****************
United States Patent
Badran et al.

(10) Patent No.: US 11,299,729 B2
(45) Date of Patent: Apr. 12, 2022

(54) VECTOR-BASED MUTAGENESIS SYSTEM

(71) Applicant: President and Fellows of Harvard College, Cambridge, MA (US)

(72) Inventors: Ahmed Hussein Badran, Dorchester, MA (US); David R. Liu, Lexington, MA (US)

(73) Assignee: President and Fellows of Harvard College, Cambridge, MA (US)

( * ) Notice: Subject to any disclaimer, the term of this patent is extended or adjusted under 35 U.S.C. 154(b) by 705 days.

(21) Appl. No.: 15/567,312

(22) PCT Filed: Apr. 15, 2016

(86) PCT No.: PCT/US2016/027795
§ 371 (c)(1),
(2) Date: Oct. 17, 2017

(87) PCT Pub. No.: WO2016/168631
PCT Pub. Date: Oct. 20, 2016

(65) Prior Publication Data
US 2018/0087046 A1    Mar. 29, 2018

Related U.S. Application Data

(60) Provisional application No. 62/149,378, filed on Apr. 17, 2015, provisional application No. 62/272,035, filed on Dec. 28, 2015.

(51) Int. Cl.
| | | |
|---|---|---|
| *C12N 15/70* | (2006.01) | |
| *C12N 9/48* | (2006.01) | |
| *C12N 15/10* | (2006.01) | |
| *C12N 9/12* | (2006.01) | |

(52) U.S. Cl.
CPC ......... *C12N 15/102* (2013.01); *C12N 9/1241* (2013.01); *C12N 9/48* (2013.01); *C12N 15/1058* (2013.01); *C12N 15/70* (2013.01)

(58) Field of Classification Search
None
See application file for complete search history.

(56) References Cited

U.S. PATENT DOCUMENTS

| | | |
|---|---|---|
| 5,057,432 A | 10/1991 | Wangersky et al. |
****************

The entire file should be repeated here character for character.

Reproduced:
United States Patent
Badran et al.

(10) Patent No.: US 11,299,729 B2
(45) Date of Patent: Apr. 12, 2022

(54) VECTOR-BASED MUTAGENESIS SYSTEM

(71) Applicant: President and Fellows of Harvard College, Cambridge, MA (US)

(72) Inventors: Ahmed Hussein Badran, Dorchester, MA (US); David R. Liu, Lexington, MA (US)

(73) Assignee: President and Fellows of Harvard College, Cambridge, MA (US)

( * ) Notice: Subject to any disclaimer, the term of this patent is extended or adjusted under 35 U.S.C. 154(b) by 705 days.

(21) Appl. No.: 15/567,312

(22) PCT Filed: Apr. 15, 2016

(86) PCT No.: PCT/US2016/027795
§ 371 (c)(1),
(2) Date: Oct. 17, 2017

(87) PCT Pub. No.: WO2016/168631
PCT Pub. Date: Oct. 20, 2016

(65) Prior Publication Data
US 2018/0087046 A1    Mar. 29, 2018

Related U.S. Application Data

(60) Provisional application No. 62/149,378, filed on Apr. 17, 2015, provisional application No. 62/272,035, filed on Dec. 28, 2015.

(51) Int. Cl.
| | | |
|---|---|---|
| *C12N 15/70* | (2006.01) | |
| *C12N 9/48* | (2006.01) | |
| *C12N 15/10* | (2006.01) | |
| *C12N 9/12* | (2006.01) | |

(52) U.S. Cl.
CPC ......... *C12N 15/102* (2013.01); *C12N 9/1241* (2013.01); *C12N 9/48* (2013.01); *C12N 15/1058* (2013.01); *C12N 15/70* (2013.01)

(58) Field of Classification Search
None
See application file for complete search history.

(56) References Cited

U.S. PATENT DOCUMENTS

| | | |
|---|---|---|
| 5,057,432 A | 10/1991 | Wangersky et al. |